I read a lot of BCM-related websites, and I am subscribed to too many mailing lists and RSS feeds on the subject. With a lot of the content I just hit the delete key. However when the name Tim Armit comes up on on any of these sources I sit up and pay attention.
Tim speaks his mind, and his opinions are based on considerable experience and good understanding of what this BCM game is really about.
This article from Tim on Continuity Central, entitled “Have we lost sight of the bigger picture” is a must read for everybody who has any interest in BCM. Just click through and read it please – come back and read the rest of this post later if you want.
I share Tim’s despair at the state of the art of BC. But I am not surprised by the situation he describes.
BCM is not currently about the continuity of operation of a business. It has become something else – more focussed on the management system and the certification of that system than the capability to deal with an incident and recover.
In other posts on this blog I have suggested that resilience may just be BCM done properly. Perhaps BCM is a lost cause (or a lost discipline) and we need something to replace it.
It also reminds me of Nathaniel Forbes recent lament about the lack of a career path in BCM. In many ways the problem is driven by the same processes and outcomes that are not valued by the business leadership.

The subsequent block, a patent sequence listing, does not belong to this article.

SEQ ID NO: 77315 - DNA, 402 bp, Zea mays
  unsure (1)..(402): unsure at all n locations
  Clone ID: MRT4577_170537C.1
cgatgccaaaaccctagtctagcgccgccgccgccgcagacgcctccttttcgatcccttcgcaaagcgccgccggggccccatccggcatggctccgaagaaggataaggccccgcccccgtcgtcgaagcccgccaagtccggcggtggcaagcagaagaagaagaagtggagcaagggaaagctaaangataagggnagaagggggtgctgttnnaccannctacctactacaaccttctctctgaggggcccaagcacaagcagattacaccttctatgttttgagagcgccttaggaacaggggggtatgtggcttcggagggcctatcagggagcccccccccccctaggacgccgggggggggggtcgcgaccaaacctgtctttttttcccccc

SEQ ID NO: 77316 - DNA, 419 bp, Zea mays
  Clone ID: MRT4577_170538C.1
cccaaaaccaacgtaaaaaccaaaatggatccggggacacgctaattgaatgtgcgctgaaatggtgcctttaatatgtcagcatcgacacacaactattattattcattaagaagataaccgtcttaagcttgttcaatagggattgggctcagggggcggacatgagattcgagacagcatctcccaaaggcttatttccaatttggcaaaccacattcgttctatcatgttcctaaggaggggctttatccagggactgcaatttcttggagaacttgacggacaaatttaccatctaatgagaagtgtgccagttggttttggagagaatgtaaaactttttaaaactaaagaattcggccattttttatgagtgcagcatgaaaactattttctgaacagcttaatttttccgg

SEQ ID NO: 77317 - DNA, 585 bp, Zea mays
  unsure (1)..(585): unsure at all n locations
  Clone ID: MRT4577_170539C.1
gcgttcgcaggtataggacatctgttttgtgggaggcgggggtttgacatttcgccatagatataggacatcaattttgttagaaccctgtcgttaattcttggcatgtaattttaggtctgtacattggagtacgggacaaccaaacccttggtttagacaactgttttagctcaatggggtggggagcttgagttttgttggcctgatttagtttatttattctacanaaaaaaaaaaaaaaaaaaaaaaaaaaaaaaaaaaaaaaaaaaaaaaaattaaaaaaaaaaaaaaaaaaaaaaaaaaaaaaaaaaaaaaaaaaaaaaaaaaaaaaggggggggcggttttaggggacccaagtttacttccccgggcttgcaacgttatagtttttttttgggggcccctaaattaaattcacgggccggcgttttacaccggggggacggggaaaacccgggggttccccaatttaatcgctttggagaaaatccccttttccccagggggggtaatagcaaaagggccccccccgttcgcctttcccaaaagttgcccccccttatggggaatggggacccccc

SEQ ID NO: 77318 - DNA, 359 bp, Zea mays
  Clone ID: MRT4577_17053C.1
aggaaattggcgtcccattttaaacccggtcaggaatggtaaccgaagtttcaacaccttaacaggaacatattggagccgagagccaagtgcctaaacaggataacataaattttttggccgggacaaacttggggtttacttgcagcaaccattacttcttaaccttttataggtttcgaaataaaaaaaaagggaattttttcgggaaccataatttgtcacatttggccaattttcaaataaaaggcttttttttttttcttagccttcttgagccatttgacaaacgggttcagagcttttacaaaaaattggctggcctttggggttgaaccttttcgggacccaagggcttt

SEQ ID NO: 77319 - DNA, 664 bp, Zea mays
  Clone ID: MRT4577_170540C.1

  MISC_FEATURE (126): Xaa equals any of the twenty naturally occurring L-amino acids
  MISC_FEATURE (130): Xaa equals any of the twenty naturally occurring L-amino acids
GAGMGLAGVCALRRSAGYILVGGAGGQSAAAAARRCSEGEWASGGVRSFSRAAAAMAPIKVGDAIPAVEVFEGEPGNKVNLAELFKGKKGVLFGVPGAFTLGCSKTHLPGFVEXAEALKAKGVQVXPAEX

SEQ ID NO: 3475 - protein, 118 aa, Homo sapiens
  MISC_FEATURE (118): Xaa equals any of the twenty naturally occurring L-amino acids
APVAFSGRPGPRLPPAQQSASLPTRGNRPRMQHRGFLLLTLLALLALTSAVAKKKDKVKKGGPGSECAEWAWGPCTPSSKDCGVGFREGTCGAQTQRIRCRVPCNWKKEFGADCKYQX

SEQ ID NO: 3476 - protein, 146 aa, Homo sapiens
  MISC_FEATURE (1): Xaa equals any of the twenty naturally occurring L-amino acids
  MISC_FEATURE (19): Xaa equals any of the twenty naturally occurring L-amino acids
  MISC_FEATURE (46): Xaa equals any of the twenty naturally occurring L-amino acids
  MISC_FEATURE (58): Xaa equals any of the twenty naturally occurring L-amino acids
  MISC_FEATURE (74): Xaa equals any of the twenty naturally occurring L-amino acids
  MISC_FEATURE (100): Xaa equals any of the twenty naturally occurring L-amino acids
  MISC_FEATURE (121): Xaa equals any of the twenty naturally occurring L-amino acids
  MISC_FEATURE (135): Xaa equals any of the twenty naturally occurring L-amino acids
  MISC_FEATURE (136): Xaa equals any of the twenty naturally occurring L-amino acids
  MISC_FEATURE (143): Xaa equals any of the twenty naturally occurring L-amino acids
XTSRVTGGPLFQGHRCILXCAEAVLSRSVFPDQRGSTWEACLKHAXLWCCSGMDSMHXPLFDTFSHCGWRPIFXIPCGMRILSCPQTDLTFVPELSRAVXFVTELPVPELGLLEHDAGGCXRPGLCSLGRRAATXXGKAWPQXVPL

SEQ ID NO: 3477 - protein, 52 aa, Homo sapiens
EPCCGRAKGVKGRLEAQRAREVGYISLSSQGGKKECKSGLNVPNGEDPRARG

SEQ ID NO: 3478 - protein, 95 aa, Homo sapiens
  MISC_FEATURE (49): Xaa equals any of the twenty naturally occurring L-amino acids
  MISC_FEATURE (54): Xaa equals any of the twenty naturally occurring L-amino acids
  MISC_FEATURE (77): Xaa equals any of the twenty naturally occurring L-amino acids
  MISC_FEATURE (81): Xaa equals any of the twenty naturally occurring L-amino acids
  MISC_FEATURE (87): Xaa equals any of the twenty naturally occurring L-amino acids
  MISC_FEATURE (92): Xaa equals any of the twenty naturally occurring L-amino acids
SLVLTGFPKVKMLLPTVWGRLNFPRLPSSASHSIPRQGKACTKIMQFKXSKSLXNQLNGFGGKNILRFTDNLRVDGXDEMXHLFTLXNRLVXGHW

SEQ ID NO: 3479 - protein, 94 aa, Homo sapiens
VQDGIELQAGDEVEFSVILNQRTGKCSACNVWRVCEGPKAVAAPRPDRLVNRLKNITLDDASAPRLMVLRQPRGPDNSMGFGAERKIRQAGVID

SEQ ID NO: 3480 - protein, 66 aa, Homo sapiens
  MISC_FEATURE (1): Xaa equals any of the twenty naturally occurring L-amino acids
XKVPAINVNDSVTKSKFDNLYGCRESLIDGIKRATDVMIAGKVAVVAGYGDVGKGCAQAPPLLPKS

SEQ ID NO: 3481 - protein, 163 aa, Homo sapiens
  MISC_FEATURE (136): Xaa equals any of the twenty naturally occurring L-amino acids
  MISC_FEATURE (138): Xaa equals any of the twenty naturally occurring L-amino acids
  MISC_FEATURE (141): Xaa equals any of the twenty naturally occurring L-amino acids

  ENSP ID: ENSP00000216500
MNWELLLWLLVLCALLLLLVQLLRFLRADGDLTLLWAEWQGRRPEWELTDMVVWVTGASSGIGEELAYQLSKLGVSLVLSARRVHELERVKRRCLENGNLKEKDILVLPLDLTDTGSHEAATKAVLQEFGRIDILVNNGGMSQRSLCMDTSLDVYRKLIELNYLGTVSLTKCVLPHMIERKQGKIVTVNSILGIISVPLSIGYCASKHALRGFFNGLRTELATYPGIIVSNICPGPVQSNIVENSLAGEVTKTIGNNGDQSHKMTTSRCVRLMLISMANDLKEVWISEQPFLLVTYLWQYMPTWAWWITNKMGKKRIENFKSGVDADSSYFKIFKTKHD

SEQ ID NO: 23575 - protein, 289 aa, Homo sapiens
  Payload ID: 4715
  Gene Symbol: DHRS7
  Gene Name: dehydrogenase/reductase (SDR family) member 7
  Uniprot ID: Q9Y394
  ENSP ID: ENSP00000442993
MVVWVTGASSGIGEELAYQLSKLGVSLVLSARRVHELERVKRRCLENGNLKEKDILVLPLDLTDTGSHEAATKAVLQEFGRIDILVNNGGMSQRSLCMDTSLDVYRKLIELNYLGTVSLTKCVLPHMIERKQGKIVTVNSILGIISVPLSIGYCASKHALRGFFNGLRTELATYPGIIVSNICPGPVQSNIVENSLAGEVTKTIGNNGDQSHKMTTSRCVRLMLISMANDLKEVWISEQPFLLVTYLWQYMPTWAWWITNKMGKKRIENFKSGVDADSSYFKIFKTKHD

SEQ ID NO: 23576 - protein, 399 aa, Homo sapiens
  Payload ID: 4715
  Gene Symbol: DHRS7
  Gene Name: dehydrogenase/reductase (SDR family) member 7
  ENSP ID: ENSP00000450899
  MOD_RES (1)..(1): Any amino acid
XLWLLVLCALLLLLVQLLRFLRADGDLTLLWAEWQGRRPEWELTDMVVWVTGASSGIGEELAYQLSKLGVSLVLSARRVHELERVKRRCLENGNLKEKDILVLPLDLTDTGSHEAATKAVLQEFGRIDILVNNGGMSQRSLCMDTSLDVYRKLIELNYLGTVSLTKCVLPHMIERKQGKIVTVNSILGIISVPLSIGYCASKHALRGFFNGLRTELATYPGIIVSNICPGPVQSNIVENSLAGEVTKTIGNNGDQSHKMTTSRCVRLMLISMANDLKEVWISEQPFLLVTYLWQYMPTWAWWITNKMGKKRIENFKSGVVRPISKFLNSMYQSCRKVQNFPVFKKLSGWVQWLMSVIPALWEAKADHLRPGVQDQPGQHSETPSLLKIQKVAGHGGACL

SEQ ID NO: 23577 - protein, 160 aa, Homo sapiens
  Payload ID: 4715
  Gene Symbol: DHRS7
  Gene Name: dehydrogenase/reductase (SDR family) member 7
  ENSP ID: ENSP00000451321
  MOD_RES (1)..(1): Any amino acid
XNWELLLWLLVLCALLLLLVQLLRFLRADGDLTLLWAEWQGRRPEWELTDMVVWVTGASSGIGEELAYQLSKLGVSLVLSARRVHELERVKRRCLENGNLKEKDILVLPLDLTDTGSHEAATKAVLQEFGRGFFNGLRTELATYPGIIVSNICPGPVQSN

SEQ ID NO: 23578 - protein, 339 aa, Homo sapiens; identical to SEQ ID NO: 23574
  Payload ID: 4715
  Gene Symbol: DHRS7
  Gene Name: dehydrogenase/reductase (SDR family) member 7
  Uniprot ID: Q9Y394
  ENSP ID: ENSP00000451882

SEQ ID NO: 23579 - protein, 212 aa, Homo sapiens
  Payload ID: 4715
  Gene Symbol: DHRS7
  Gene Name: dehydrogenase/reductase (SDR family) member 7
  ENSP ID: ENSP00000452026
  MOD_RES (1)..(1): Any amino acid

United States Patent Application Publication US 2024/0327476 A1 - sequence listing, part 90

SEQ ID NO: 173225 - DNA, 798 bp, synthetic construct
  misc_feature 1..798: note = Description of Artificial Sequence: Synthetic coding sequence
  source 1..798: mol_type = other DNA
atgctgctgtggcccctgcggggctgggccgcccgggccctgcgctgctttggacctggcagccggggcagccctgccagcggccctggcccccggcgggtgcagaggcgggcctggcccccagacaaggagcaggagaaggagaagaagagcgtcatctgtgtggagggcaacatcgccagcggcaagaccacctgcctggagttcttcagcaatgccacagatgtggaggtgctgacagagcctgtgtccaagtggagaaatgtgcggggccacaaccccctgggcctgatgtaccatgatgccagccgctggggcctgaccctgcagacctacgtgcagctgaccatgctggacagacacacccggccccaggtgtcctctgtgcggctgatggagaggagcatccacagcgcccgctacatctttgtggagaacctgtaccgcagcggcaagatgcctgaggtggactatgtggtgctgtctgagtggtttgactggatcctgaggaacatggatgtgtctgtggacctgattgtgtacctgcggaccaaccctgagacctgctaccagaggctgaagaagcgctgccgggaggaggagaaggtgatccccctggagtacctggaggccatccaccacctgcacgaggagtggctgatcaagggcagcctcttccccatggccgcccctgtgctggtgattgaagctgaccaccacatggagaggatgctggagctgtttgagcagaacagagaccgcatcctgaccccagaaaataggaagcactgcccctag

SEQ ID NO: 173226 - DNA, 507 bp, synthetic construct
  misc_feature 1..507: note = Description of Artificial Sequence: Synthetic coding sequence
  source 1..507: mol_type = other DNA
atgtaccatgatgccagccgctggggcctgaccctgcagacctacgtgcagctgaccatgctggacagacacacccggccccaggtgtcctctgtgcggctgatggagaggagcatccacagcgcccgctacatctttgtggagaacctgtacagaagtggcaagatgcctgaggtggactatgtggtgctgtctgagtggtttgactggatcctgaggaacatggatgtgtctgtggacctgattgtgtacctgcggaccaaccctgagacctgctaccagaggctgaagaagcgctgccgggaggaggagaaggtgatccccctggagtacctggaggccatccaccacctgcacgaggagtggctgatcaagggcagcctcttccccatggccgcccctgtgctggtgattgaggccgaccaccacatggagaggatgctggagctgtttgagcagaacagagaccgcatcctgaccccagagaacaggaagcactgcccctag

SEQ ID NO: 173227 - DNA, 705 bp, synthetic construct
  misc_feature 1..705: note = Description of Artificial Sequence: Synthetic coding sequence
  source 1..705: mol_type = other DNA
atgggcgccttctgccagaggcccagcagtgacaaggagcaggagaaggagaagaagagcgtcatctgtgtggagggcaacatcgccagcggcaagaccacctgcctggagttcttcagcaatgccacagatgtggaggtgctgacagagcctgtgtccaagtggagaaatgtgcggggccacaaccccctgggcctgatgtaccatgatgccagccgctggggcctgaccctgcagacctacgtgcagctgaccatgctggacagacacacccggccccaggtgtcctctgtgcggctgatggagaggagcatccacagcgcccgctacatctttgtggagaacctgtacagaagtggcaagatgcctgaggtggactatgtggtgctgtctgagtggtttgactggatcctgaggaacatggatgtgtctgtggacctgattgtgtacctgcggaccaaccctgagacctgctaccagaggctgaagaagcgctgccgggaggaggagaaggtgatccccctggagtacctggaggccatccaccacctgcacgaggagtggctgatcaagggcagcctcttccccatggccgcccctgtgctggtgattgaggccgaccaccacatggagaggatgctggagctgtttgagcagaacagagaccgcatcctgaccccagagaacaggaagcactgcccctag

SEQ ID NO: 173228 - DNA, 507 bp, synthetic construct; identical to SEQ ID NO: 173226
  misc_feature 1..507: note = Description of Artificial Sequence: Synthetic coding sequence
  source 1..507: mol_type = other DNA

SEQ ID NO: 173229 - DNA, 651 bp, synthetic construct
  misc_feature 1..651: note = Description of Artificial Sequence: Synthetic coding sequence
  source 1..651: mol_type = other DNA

Over at the DRJ Blogs I responded to a post and asserted that ‘resilience’ should address economic downturns. That position was rejected as not being the province of BCM. It is not surprising to me that Tim has BC Managers from failed companies telling him the same thing.
Sure Risk Management could be considered the ‘big picture’ discipline, but BC Planning is supposed to be a mitigation for residual risk. We have become too focussed on the historic risk approach of looking at probability more than impact. Even Risk Management has changed its own focus in ISO31000 to look more at impacts.
The situation Tim describes with the UK Financial Sector is truly appalling. How long before others countries follow suit? Not long I would suggest – this will enable them to have a safe process to get compliance ticks.
Well said Tim, but I am not optimistic that too many are really listening.
What do you think?